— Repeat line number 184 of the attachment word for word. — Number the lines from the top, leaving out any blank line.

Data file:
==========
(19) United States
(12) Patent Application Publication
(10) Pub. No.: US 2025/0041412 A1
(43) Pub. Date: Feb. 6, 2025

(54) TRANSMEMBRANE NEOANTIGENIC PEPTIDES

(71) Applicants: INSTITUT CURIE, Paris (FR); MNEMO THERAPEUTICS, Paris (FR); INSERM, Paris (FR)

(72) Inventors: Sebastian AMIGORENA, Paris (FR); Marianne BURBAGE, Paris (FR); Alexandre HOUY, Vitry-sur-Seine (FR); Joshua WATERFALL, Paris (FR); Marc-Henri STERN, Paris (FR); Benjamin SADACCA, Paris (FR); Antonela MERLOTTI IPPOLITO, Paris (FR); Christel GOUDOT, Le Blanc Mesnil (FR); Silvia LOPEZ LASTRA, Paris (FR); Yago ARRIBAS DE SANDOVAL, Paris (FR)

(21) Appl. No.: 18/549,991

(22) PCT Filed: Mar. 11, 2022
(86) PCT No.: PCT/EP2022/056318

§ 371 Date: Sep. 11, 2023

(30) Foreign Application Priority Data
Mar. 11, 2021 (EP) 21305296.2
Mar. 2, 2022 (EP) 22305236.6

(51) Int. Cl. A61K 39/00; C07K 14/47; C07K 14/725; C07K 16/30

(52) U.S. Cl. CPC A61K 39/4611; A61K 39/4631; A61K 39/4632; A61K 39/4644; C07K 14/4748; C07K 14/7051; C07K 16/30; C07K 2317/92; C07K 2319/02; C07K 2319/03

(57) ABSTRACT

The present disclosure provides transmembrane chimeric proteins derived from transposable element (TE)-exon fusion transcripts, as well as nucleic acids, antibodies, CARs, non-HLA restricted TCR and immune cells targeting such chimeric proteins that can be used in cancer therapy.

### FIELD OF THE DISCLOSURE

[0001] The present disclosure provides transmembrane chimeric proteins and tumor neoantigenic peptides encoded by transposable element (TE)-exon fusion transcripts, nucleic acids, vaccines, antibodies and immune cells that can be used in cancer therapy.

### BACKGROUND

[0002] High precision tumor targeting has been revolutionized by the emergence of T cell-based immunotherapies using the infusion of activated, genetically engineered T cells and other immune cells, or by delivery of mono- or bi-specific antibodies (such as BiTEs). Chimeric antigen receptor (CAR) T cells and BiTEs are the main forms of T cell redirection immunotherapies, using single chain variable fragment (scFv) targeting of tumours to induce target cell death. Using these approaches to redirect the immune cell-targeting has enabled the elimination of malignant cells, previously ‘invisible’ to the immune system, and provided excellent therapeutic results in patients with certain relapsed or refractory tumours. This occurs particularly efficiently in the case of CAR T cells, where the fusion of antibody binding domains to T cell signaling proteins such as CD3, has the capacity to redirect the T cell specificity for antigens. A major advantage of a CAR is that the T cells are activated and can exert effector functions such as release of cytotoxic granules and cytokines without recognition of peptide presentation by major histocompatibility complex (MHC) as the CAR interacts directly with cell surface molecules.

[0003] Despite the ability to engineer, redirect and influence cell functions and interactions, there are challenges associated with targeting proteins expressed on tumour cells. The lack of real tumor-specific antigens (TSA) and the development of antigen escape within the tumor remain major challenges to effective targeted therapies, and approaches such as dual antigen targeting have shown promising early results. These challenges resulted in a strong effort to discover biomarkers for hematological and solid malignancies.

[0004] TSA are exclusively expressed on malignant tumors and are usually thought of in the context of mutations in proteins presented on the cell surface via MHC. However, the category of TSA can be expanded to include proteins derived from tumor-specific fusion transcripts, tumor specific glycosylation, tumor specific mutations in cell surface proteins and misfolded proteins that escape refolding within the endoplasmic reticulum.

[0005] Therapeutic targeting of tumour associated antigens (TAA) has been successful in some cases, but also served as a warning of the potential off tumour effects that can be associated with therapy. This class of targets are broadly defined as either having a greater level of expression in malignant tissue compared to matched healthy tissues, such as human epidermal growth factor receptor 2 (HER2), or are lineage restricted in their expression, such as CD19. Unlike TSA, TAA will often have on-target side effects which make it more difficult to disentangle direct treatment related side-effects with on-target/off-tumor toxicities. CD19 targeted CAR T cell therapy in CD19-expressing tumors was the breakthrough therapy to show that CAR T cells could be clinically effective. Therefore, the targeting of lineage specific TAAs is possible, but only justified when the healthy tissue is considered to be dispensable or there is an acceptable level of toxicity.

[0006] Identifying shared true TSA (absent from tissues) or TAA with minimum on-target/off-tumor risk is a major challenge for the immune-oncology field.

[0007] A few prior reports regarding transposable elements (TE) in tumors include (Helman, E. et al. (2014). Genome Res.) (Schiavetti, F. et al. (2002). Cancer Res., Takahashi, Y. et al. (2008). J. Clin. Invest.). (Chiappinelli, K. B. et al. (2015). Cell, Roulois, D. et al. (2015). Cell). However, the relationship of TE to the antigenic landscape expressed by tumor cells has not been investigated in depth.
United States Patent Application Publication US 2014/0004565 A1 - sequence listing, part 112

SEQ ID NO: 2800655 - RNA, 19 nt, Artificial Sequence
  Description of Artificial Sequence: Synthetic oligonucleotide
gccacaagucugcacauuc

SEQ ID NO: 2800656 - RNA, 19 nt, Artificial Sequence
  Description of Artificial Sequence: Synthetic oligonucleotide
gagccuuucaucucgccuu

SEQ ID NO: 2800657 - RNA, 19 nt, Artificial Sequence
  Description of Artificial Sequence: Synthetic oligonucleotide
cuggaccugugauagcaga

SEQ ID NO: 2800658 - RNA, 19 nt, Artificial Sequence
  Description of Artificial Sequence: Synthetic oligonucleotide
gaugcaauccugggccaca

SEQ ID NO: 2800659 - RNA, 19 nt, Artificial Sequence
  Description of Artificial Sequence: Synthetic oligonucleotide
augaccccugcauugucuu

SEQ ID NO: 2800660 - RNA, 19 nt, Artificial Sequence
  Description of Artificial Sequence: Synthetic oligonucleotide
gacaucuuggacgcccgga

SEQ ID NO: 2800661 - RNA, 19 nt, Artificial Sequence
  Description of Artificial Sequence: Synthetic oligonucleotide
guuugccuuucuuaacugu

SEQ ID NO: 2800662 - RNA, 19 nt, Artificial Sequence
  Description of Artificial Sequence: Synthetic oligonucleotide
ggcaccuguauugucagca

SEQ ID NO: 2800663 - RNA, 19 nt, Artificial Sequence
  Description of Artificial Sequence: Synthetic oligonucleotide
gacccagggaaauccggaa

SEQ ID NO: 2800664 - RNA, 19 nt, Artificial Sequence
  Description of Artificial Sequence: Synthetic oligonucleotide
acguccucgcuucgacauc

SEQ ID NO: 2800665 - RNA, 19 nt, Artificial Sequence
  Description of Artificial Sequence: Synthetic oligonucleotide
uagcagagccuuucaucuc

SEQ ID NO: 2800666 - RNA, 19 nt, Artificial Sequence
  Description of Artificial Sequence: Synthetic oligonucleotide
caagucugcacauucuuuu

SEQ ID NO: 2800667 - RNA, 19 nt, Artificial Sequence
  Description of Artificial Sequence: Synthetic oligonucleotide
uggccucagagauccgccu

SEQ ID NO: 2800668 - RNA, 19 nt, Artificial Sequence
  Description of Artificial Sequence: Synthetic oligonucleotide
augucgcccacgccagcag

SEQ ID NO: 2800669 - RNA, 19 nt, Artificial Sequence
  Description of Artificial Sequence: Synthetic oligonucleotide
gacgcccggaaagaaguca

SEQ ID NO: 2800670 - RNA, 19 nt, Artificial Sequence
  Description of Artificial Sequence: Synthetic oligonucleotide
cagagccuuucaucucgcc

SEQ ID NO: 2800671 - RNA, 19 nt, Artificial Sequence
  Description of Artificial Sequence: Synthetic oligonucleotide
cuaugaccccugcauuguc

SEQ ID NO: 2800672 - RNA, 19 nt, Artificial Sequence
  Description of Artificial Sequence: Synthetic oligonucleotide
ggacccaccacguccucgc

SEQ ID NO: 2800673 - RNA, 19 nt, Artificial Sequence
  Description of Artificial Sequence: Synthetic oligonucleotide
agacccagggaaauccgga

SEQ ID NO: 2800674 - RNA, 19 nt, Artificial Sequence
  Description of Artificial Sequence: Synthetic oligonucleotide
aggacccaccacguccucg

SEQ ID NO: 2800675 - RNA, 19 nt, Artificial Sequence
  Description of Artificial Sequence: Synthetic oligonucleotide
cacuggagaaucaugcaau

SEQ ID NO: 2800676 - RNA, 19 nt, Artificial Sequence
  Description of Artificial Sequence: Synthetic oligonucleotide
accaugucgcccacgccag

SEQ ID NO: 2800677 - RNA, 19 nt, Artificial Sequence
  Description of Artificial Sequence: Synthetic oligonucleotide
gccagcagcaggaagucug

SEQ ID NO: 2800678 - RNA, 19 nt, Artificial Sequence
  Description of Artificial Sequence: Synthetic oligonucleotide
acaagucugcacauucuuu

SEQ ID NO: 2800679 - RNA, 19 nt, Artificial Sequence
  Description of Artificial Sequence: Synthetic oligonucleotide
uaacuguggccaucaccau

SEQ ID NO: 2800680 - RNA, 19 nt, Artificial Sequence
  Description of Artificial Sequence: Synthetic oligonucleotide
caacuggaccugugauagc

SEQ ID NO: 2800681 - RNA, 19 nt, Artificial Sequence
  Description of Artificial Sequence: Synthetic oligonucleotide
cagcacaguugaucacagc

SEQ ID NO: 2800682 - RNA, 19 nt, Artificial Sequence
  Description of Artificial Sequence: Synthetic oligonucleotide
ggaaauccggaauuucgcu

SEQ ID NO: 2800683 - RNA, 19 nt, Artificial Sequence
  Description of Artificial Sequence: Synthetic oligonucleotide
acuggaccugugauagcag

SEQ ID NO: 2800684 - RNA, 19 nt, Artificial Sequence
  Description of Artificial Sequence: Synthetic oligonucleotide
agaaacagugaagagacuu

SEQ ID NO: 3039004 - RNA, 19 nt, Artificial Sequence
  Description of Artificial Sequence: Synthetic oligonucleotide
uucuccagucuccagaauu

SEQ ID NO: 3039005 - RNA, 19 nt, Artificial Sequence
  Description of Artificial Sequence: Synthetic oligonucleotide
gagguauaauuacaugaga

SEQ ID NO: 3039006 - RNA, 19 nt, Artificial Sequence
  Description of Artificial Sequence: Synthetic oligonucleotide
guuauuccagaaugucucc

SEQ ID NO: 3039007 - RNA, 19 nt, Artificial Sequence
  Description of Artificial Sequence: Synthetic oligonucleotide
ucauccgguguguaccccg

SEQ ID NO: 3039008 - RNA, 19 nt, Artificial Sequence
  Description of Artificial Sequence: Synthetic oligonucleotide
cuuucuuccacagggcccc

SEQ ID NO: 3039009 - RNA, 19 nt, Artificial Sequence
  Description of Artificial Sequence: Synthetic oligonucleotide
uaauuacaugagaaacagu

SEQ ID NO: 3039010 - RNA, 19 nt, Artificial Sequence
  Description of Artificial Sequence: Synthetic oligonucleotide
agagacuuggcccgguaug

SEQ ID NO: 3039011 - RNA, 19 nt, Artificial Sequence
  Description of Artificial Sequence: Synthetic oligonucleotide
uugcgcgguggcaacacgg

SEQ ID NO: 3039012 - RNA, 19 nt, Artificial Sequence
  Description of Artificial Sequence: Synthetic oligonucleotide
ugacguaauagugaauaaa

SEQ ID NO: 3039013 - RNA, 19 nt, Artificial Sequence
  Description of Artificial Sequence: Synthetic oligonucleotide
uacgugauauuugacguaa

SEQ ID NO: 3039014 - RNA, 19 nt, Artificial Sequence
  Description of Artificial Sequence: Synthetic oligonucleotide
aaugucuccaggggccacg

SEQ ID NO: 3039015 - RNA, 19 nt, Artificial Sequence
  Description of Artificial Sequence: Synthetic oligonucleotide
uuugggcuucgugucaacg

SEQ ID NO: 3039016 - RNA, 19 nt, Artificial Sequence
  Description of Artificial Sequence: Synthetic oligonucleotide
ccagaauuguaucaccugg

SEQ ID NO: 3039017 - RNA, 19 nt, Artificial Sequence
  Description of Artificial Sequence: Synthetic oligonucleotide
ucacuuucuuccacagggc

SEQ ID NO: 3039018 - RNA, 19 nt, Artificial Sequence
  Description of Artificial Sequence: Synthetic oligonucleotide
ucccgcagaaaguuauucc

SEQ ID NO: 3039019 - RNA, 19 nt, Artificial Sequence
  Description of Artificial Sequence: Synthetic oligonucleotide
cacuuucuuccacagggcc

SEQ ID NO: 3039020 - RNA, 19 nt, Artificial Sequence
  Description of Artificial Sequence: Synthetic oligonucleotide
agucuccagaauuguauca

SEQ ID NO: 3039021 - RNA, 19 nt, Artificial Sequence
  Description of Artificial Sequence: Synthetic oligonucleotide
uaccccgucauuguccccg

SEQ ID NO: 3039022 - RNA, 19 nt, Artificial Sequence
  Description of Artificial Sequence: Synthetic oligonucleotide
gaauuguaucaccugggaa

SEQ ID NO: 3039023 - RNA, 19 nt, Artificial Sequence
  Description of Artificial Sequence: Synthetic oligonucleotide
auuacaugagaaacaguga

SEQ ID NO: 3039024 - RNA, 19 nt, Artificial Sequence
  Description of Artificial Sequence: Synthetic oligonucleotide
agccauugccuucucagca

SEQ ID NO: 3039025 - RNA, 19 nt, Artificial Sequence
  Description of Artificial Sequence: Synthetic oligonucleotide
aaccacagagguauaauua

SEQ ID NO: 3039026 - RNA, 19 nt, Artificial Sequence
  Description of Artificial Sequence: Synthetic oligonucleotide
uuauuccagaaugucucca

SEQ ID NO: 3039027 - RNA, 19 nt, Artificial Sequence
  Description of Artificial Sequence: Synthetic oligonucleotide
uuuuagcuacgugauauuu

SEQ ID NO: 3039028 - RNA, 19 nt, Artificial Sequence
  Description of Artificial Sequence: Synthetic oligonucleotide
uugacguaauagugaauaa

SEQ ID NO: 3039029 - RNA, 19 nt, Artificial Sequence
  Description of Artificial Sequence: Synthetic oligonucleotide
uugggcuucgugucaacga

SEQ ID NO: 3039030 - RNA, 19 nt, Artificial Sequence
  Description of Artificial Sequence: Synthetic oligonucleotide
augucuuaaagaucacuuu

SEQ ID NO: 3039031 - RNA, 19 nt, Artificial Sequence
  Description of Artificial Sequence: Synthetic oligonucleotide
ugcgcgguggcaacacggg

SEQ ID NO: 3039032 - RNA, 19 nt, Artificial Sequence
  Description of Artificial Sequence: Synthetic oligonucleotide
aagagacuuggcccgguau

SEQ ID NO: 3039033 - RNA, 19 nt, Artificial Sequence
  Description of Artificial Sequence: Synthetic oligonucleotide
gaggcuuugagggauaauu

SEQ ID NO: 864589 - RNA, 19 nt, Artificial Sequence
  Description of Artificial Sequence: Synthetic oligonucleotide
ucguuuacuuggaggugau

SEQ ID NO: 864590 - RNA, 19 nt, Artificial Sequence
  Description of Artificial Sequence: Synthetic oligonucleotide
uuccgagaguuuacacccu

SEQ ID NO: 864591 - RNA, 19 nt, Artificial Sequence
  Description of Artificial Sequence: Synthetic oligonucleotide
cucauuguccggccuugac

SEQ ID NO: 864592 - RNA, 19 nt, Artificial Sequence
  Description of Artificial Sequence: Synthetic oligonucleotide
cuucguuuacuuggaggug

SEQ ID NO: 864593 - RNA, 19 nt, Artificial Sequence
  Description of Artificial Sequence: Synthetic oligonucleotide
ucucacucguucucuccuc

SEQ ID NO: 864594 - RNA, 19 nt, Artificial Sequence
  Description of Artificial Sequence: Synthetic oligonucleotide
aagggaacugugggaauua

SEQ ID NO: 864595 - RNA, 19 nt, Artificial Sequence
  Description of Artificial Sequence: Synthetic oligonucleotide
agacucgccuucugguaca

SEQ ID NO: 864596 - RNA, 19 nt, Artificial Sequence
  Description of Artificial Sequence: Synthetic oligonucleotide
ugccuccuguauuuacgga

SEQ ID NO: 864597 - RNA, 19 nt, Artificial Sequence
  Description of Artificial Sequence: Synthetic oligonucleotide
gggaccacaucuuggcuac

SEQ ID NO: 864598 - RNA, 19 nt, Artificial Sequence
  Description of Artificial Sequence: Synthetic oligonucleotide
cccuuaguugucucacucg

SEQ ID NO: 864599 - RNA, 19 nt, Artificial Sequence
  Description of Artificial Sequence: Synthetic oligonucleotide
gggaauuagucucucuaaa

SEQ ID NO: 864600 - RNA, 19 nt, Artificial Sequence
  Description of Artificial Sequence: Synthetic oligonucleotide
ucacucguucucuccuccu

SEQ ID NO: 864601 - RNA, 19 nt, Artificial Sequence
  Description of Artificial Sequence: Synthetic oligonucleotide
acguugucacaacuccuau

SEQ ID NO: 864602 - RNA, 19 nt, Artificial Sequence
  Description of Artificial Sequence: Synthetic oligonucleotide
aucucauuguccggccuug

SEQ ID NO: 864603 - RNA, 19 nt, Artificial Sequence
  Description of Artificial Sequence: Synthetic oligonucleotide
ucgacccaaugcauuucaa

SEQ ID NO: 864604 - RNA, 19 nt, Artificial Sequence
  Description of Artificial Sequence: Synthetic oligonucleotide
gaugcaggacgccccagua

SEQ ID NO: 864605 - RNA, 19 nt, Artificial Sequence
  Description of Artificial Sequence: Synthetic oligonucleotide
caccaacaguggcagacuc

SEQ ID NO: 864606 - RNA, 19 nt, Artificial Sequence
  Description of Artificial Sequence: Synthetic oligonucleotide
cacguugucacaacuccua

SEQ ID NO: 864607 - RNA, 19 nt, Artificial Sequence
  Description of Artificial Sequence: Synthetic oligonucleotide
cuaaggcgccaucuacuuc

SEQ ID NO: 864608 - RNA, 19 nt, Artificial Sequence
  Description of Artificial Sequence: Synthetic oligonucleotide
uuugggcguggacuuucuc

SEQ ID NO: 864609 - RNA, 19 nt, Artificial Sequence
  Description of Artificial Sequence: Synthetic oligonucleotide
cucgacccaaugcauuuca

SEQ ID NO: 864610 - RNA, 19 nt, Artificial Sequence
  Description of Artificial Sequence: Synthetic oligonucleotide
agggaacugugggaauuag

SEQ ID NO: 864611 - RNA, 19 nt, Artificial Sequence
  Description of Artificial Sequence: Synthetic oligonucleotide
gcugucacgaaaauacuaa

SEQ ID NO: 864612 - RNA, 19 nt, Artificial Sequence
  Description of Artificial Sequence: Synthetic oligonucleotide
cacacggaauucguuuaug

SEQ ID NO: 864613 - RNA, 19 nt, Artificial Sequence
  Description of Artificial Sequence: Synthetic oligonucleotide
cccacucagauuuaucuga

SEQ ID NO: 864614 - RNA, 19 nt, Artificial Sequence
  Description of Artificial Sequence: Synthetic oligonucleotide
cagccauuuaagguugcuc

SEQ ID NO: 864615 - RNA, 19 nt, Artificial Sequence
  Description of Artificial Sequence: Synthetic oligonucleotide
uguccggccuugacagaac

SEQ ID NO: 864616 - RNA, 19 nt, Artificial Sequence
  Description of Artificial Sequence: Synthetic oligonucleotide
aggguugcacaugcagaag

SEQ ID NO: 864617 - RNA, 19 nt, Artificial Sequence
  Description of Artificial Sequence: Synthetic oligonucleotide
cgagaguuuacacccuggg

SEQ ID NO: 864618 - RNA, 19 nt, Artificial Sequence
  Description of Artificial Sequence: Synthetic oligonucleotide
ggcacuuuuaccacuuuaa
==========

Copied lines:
aaccacagagguauaauua